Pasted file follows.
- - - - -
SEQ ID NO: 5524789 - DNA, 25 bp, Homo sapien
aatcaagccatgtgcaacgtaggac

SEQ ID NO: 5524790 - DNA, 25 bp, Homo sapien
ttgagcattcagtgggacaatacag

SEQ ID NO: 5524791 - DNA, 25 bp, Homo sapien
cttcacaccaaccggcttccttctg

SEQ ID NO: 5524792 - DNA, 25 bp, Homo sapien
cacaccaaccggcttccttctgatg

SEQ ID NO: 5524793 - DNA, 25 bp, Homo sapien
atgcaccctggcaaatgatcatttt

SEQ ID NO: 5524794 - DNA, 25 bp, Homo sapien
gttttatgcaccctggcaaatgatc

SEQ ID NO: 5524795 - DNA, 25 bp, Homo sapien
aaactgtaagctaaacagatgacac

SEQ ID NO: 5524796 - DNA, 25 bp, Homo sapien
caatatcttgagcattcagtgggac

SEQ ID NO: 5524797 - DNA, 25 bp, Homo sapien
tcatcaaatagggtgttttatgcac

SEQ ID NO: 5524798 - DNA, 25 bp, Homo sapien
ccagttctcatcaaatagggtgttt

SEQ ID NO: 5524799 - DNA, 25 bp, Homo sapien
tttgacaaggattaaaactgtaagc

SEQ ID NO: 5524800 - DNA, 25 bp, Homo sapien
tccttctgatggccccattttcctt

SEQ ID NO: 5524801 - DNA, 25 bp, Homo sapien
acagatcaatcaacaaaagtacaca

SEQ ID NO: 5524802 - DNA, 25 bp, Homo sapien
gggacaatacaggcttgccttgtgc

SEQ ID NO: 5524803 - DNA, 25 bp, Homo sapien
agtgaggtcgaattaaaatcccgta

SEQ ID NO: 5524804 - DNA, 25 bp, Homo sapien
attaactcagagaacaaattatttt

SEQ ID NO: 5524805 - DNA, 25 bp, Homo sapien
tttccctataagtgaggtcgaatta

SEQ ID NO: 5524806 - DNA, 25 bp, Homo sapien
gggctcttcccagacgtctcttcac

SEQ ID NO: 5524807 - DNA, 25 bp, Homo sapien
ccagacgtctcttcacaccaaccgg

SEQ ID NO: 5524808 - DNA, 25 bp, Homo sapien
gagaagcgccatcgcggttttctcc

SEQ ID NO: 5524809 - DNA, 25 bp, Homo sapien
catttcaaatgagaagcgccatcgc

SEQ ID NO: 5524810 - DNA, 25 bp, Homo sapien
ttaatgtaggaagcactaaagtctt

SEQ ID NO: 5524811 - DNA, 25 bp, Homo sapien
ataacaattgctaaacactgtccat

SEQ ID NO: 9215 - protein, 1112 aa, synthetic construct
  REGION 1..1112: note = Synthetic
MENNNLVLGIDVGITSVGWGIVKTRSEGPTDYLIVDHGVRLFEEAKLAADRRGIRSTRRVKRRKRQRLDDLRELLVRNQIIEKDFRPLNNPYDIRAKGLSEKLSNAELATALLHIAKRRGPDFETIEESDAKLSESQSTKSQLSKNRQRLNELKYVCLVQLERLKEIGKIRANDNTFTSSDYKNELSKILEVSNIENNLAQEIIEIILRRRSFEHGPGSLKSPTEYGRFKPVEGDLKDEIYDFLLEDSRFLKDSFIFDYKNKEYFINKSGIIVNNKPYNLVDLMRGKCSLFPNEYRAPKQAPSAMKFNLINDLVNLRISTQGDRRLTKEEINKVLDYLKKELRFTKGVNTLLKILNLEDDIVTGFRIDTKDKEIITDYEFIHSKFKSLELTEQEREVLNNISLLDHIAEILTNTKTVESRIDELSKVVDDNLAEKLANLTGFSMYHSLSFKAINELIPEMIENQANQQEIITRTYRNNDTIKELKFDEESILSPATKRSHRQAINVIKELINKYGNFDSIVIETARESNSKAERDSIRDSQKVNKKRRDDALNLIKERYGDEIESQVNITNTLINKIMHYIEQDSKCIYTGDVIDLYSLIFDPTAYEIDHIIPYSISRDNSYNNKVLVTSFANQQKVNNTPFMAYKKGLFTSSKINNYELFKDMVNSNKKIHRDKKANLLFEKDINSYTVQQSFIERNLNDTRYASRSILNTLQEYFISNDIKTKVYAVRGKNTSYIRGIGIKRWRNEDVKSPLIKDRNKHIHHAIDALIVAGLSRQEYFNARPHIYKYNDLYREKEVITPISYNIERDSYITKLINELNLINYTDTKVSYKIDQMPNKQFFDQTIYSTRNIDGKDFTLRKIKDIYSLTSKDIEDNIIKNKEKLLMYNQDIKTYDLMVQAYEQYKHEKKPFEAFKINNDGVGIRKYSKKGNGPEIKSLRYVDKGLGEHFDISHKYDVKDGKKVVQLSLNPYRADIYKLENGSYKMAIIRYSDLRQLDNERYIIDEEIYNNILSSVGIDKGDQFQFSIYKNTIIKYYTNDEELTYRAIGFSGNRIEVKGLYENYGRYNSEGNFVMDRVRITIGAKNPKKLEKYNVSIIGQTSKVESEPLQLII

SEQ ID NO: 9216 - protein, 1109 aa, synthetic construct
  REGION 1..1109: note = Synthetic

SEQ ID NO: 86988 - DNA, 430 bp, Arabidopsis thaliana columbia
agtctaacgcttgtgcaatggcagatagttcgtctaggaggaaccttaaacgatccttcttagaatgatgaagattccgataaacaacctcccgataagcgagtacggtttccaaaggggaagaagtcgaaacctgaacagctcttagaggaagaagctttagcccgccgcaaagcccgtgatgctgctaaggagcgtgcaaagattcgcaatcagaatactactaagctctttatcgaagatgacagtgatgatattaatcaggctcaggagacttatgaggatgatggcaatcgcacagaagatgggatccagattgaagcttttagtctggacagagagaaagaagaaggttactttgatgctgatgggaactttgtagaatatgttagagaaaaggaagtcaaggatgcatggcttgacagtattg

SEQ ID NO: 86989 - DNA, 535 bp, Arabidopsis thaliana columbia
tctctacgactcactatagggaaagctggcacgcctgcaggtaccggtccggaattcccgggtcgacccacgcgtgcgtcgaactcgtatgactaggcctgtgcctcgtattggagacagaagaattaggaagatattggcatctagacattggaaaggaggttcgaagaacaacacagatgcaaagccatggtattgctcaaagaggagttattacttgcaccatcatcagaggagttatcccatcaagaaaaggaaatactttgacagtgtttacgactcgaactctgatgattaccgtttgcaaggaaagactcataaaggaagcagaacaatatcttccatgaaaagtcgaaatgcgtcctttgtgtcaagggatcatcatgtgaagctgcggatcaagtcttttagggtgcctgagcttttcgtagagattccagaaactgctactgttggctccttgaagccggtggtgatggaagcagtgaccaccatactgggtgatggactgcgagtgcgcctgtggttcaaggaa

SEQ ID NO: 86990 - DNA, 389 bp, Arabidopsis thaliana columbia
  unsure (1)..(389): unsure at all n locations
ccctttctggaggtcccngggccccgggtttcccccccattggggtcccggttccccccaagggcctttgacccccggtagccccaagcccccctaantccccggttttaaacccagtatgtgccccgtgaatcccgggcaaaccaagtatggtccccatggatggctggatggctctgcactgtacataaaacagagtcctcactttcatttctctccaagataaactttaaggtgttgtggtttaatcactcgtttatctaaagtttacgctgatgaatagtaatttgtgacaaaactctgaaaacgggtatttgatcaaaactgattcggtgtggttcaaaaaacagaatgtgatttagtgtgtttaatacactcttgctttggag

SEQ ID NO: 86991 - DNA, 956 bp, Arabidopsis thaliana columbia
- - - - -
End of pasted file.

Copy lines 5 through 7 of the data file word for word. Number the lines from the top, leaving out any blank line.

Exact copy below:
SEQ ID NO: 5524791 - DNA, 25 bp, Homo sapien
cttcacaccaaccggcttccttctg

SEQ ID NO: 5524792 - DNA, 25 bp, Homo sapien